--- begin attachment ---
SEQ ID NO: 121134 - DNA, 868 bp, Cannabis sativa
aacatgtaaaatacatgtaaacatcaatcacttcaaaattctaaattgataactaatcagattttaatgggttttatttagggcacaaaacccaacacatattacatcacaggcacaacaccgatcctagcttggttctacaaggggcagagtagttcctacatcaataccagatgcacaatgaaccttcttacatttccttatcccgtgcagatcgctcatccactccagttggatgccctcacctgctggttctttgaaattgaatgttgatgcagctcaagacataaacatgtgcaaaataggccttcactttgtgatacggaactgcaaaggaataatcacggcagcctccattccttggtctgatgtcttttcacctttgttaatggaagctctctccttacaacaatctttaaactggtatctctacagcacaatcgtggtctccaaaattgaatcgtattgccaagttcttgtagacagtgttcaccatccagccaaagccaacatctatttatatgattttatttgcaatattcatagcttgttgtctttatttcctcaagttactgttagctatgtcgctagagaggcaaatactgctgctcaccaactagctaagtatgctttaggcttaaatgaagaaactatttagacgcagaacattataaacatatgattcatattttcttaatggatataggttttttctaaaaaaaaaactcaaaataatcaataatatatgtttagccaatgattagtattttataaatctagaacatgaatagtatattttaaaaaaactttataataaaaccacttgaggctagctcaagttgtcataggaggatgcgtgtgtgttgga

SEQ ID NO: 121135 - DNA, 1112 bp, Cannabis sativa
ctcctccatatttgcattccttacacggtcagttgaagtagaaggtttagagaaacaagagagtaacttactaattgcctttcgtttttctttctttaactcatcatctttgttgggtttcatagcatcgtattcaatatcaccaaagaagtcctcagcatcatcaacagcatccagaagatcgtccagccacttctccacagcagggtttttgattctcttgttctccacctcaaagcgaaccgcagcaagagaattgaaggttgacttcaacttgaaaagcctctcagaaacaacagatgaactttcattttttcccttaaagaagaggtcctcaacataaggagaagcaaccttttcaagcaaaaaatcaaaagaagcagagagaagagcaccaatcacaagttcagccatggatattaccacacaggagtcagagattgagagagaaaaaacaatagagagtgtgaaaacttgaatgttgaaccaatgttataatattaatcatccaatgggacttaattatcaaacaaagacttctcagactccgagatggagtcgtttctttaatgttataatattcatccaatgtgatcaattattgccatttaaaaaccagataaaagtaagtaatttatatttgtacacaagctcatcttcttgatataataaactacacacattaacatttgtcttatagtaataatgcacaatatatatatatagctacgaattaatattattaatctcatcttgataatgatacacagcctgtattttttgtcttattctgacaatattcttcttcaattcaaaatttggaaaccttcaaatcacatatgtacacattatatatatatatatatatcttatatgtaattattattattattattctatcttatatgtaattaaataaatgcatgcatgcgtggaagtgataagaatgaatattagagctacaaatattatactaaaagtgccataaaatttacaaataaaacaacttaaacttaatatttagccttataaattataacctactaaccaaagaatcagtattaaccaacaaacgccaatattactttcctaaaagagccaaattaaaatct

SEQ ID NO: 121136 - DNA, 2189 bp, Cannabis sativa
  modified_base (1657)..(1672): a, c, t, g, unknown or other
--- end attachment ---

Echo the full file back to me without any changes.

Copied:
SEQ ID NO: 121134 - DNA, 868 bp, Cannabis sativa
aacatgtaaaatacatgtaaacatcaatcacttcaaaattctaaattgataactaatcagattttaatgggttttatttagggcacaaaacccaacacatattacatcacaggcacaacaccgatcctagcttggttctacaaggggcagagtagttcctacatcaataccagatgcacaatgaaccttcttacatttccttatcccgtgcagatcgctcatccactccagttggatgccctcacctgctggttctttgaaattgaatgttgatgcagctcaagacataaacatgtgcaaaataggccttcactttgtgatacggaactgcaaaggaataatcacggcagcctccattccttggtctgatgtcttttcacctttgttaatggaagctctctccttacaacaatctttaaactggtatctctacagcacaatcgtggtctccaaaattgaatcgtattgccaagttcttgtagacagtgttcaccatccagccaaagccaacatctatttatatgattttatttgcaatattcatagcttgttgtctttatttcctcaagttactgttagctatgtcgctagagaggcaaatactgctgctcaccaactagctaagtatgctttaggcttaaatgaagaaactatttagacgcagaacattataaacatatgattcatattttcttaatggatataggttttttctaaaaaaaaaactcaaaataatcaataatatatgtttagccaatgattagtattttataaatctagaacatgaatagtatattttaaaaaaactttataataaaaccacttgaggctagctcaagttgtcataggaggatgcgtgtgtgttgga

SEQ ID NO: 121135 - DNA, 1112 bp, Cannabis sativa
ctcctccatatttgcattccttacacggtcagttgaagtagaaggtttagagaaacaagagagtaacttactaattgcctttcgtttttctttctttaactcatcatctttgttgggtttcatagcatcgtattcaatatcaccaaagaagtcctcagcatcatcaacagcatccagaagatcgtccagccacttctccacagcagggtttttgattctcttgttctccacctcaaagcgaaccgcagcaagagaattgaaggttgacttcaacttgaaaagcctctcagaaacaacagatgaactttcattttttcccttaaagaagaggtcctcaacataaggagaagcaaccttttcaagcaaaaaatcaaaagaagcagagagaagagcaccaatcacaagttcagccatggatattaccacacaggagtcagagattgagagagaaaaaacaatagagagtgtgaaaacttgaatgttgaaccaatgttataatattaatcatccaatgggacttaattatcaaacaaagacttctcagactccgagatggagtcgtttctttaatgttataatattcatccaatgtgatcaattattgccatttaaaaaccagataaaagtaagtaatttatatttgtacacaagctcatcttcttgatataataaactacacacattaacatttgtcttatagtaataatgcacaatatatatatatagctacgaattaatattattaatctcatcttgataatgatacacagcctgtattttttgtcttattctgacaatattcttcttcaattcaaaatttggaaaccttcaaatcacatatgtacacattatatatatatatatatatcttatatgtaattattattattattattctatcttatatgtaattaaataaatgcatgcatgcgtggaagtgataagaatgaatattagagctacaaatattatactaaaagtgccataaaatttacaaataaaacaacttaaacttaatatttagccttataaattataacctactaaccaaagaatcagtattaaccaacaaacgccaatattactttcctaaaagagccaaattaaaatct

SEQ ID NO: 121136 - DNA, 2189 bp, Cannabis sativa
  modified_base (1657)..(1672): a, c, t, g, unknown or other